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  • Dr. Liz Homan

The Unknowns of Ultrasound

Updated: Dec 19, 2019

As always, I am not here to make your feel bad about any decision you have made or to judge you in anyway. I am here to inform you on a topic that I do not feel is often times discussed because I live by the quote “Do the best you can until you know better. Then when you know better, do better.”

So what is an ultrasound exam? According to the American Pregnancy Association, an ultrasound is a procedure that uses high-frequency sound waves to scan a woman’s abdomen to create a picture of the baby and placenta. Ultrasounds are used to detect or aid in the detection of abnormalities and conditions related to pregnancy. There are many reasons that ultrasounds are performed including estimating due date, confirming heartbeat, determining number of babies, finding out if baby is a girl or boy, and identifying baby and placenta position.

The way that an ultrasound works is that sound waves are moved through tissue and bounce back to provide the image. These sound waves can make thermal, vibrational or mechanical changes to the tissue it contacts.

The standard of care is for most women to receive two or more ultrasounds during their pregnancy, usually one in the first trimester to confirm heartbeat and then again in the second trimester for an anatomy scan. But did you know that the American Pregnancy Association states that “there is not a recommend number of ultrasounds that should be performed during routine prenatal care. Because ultrasound should only be used when medically indicated, many healthy pregnancies will not require an ultrasound.”

So let’s talk about a few of the unknowns.

  • Is ultrasound noisy? For us, no! But for the baby, they are not sure. One study found that the force from the impact of the ultrasound pulses produced an audible localized high-intensity noise due to the secondary vibrations in a woman’s uterus. When measured, the ultrasound produced 100 decibels of sound when pointed directly at the hydrophone. 20 decibels is a whisper, 110 decibels is the pain threshold for the average human and 150 decibels causes eardrum rupture. We so often see baby having their hands up over their face/ears during an ultrasound. Is that because it is so loud that they are covering their ears to protect themselves?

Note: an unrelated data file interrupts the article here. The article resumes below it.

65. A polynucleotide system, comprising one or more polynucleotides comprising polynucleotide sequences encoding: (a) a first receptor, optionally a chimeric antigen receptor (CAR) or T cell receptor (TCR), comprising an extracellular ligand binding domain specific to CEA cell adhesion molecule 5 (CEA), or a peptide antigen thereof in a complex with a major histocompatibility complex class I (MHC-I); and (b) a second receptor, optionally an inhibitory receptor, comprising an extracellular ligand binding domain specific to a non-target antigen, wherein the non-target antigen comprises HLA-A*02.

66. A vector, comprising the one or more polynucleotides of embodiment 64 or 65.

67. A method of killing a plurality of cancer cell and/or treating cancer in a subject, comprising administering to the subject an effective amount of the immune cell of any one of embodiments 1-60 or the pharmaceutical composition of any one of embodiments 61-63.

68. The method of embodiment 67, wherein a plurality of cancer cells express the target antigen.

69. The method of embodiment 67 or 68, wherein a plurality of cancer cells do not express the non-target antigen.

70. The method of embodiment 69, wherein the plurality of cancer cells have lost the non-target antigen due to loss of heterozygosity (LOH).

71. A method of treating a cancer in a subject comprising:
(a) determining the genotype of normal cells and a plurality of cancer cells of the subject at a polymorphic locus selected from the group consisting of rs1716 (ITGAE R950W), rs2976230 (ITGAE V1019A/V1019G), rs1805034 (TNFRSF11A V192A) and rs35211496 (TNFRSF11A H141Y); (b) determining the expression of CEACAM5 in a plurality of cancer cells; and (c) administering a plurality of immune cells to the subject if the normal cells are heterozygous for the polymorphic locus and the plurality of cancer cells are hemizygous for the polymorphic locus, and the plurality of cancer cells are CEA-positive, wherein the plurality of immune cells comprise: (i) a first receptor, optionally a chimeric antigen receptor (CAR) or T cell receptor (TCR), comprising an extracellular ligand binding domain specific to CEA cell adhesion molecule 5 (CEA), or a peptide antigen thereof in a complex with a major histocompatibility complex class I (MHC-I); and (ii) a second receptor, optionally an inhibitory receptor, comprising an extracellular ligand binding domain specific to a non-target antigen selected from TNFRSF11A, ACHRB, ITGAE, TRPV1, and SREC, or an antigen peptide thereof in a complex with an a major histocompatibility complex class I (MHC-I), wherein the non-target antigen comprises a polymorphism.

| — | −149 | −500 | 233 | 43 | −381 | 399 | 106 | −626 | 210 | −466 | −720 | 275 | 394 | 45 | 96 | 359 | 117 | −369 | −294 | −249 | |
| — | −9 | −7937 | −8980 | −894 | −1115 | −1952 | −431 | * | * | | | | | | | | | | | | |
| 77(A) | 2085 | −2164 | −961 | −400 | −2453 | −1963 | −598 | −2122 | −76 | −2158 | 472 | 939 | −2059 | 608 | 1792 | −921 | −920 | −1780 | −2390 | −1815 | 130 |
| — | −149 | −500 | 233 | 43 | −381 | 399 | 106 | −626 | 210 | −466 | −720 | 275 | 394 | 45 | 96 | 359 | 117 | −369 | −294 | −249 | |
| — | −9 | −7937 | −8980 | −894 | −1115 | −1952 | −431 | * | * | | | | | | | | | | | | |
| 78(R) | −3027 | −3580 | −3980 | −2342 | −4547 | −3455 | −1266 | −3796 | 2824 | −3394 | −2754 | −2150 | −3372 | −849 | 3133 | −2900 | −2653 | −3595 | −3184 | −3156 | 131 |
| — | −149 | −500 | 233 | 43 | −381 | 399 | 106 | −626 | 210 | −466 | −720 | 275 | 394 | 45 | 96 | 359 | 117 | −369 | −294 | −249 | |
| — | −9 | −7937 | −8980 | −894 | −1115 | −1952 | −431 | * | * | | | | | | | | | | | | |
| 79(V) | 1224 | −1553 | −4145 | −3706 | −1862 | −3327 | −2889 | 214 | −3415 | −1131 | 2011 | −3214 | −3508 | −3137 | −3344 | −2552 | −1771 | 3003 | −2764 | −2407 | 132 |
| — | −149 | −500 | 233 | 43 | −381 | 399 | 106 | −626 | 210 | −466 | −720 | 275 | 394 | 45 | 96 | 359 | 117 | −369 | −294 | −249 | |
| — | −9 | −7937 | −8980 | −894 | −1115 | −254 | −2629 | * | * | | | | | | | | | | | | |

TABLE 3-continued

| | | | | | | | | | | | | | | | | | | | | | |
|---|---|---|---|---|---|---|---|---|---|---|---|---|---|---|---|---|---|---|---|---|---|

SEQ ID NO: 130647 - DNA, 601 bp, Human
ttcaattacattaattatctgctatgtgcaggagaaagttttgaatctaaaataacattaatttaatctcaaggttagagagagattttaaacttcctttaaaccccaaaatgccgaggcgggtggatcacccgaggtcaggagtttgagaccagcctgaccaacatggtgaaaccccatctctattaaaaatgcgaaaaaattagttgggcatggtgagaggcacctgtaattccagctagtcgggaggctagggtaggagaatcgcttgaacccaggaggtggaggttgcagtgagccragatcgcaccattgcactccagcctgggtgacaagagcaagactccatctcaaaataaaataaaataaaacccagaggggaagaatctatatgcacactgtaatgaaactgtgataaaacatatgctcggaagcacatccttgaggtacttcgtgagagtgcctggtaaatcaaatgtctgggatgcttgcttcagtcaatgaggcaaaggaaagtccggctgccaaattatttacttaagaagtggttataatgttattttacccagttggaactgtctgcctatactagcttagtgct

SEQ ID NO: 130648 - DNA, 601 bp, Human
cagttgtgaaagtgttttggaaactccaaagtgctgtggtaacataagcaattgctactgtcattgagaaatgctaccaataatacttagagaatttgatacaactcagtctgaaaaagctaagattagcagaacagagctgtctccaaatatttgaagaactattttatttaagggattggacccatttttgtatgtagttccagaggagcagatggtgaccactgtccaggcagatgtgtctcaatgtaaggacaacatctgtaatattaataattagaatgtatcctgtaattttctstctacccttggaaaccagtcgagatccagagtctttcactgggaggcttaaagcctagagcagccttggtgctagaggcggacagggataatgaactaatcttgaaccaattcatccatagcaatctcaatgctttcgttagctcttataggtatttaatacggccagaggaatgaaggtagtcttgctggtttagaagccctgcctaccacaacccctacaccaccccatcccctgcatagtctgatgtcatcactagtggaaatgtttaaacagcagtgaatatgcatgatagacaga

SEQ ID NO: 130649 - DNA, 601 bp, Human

• Does ultrasound make tissue hot? When the tissue vibrates it can cause the tissue to get hot and to also produce tiny bubbles (cavitation), which shift with the vibration. These tissue cells that are heated and vibrated are rapidly dividing to create your baby. Any thermal, vibrational or mechanical change to these cells may potentially cause a mutation. This mutation could lead to retardation or damage to fetal growth or it could result in the acceleration of cell division when it should not be accelerated.

  • Does ultrasound improve the health of my baby? No, not at all. The one thing it will do is detect an abnormality early enough for parents to choose to abort. But this detection is limited to only a few of the 5,000 potential chromosomal abnormalities. And the worst part is, ultrasound could misdiagnose abnormalities when there are none or detect abnormalities about which nothing can be done. This then results in the stress level of mom increasing, which negatively affect baby’s development.

If you are unsure of what to do, I encourage you to ask yourself “will the results of this scan alter the course of my pregnancy?” If the answer is no, then is it really necessary?

Another question to ask yourself is “will not knowing cause me more stress?” If you are a person who needs to know, then you need to know. Kyle and I had decided to not have ultrasounds with our pregnancy and to trust in my body. But that all changed when I fell down a few stairs, landing hard on my sacrum when I was 16 weeks pregnant with Jane. It was at the time when I was starting to feel her move but it was not consistent yet and then after the fall I was not feeling any movements. We decided that the stress that I was experiencing trying to feel baby move was more detrimental than a minute long ultrasound to hear the heart beat. As soon as I heard that beautiful sound, I could relax because I knew that my baby was healthy!

There are times when ultrasound is very beneficial but as the APA states, ultrasound is not needed in a healthy pregnancy!

And just as a reminder, I am in no way telling you what to do, or to make you feel bad about a decision that you have already made. I am here to inform you on a topic that I feel is important and often times just agreed on. This is why doing your research is so important!

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